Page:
function from the metrics module of the `sklearn`

library is used to calculate the accuracy of our logistic regression model. The function takes in the actual wine qualities and predicted wine qualities and returns the proportion of correct predictions.

Now that we have our trained Logistic Regression model, we might wonder how to interpret the output of our model. The output of the model includes the coefficients (also known as weights) of each feature and a bias (also known as the intercept). The coefficients represent the log of the odds ratio of the corresponding feature.

For example, if the coefficient of a feature, say `pH`

(with log odds ratio = $\beta$), is `0.5`

, it indicates that for each unit change in `pH`

, keeping other features constant, the odds of our outcome (whether the wine quality is good) would increase by a factor of $e^{0.5}$.

Evaluating the performance of a model is crucial to assess its usability and reliability. We evaluate our Logistic Regression model's performance using several important metrics. Let's define a few key metrics:

**Confusion Matrix**: This table describes the performance of a classification model. It's essentially a $2 \times 2$ matrix that visualizes the performance of the regression, representing actual and predicted classifications in terms of true positives, false positives, true negatives, and false negatives.**Accuracy**: This is the ratio of correctly predicted observations to total observations.`Accuracy = (True Positives + True Negatives) / Total Observations`

.**Precision**: This is the ratio of correctly predicted positive observations to the total predicted positives.`Precision = True Positives / (True Positives + False Positives)`

.**Recall (Sensitivity)**: This is the ratio of correctly predicted positive observations to all observations in the actual class.`Recall = True Positives / (True Positives + False Negatives)`

.**F1 Score**: This is the weighted average of Precision and recall.`F1Score = 2 * Recall * Precision / (Recall + Precision)`

.**ROC-AUC**: This is the area under the Receiver Operating Characteristic curve. It indicates how much the model can distinguish between classes.

Here is how these metrics can be calculated using sklearn:

Python`1from sklearn import metrics 2 3# Model Accuracy 4print("Accuracy: ", metrics.accuracy_score(y_test, y_pred)) 5# Accuracy: 0.8875 6 7# Model Precision 8print("Precision: ", metrics.precision_score(y_test, y_pred)) 9# Precision: 0.5172413793103449 10 11# Model Recall 12print("Recall: ", metrics.recall_score(y_test, y_pred)) 13# Recall: 0.2727272727272727 14 15# Model F1-Score 16print("F1 Score: ", metrics.f1_score(y_test, y_pred)) 17# F1 Score: 0.3571428571428571 18 19# Model AUC 20print("AUC: ", metrics.roc_auc_score(y_test, y_pred)) 21# AUC: 0.6198930481283422`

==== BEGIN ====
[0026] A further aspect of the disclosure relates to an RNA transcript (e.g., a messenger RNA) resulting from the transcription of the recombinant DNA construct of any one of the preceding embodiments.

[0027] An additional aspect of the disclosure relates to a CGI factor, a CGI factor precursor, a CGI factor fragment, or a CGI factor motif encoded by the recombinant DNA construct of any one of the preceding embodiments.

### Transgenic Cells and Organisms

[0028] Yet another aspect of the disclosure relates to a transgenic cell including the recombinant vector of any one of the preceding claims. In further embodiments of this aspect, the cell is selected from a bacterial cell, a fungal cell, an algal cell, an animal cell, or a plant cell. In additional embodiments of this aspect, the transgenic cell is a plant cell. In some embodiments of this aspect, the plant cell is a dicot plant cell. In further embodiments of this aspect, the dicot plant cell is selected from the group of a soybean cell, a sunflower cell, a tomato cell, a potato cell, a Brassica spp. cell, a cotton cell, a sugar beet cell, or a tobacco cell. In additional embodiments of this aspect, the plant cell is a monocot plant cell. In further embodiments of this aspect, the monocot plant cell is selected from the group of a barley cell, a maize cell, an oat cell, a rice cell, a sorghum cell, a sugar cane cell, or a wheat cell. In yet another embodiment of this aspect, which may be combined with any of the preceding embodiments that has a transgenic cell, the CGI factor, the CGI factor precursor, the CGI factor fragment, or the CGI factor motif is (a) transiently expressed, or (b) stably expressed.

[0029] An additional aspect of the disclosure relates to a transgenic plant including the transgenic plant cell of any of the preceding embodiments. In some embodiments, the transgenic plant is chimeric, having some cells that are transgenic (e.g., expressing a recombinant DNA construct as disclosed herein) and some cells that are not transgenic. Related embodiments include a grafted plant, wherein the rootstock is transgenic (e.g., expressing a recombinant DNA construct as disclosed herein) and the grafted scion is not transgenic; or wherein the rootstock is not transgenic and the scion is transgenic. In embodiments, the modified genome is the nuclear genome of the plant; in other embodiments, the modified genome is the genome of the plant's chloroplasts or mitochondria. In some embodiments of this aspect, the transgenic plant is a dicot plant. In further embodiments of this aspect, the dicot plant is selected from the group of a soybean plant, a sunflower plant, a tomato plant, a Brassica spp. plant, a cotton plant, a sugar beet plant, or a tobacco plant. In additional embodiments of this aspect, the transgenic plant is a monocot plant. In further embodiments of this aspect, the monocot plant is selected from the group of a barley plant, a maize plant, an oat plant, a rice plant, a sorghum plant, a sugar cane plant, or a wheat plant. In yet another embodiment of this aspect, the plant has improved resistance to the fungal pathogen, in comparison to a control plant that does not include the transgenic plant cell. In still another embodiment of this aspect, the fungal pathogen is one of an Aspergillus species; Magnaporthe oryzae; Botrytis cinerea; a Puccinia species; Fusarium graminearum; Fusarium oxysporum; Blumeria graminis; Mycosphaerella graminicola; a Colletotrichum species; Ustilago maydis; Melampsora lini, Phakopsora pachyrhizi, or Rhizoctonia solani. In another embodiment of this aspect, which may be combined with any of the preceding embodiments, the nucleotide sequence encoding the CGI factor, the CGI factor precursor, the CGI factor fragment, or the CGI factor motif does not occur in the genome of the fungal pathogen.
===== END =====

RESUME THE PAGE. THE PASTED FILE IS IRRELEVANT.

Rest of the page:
The `accuracy_score()`

function calculates the model's accuracy by comparing the actual output in `y_test`

with the predicted output in `y_pred`

. Similarly, other functions like `precision_score()`

, `recall_score()`

, `f1_score()`

, and `roc_auc_score()`

calculate their respective metrics.

That's a wrap for the Logistic Regression Model! We've explored the landscape of Logistic Regression, unpacked its internals, understood the designing process, and implemented it on our Wine Quality Dataset to predict wine quality. You've successfully navigated through the critical components, theoretical aspects, and practical application of Logistic Regression. Well done!

We've also dissected the performance evaluation process of our model in detail. This process is instrumental in assessing and enhancing the model's fit and precision. Model performance reveals strengths and areas for improvement, enabling you to create a reliable and efficient model.

Now that you have gathered knowledge, it's time to start applying it! Gear up for some hands-on practice exercises where you can apply your understanding of Logistic Regression and solidify your learning. These exercises will fortify your knowledge and help you understand the nuances of Logistic Regression and its Python implementation. Ready, set, go!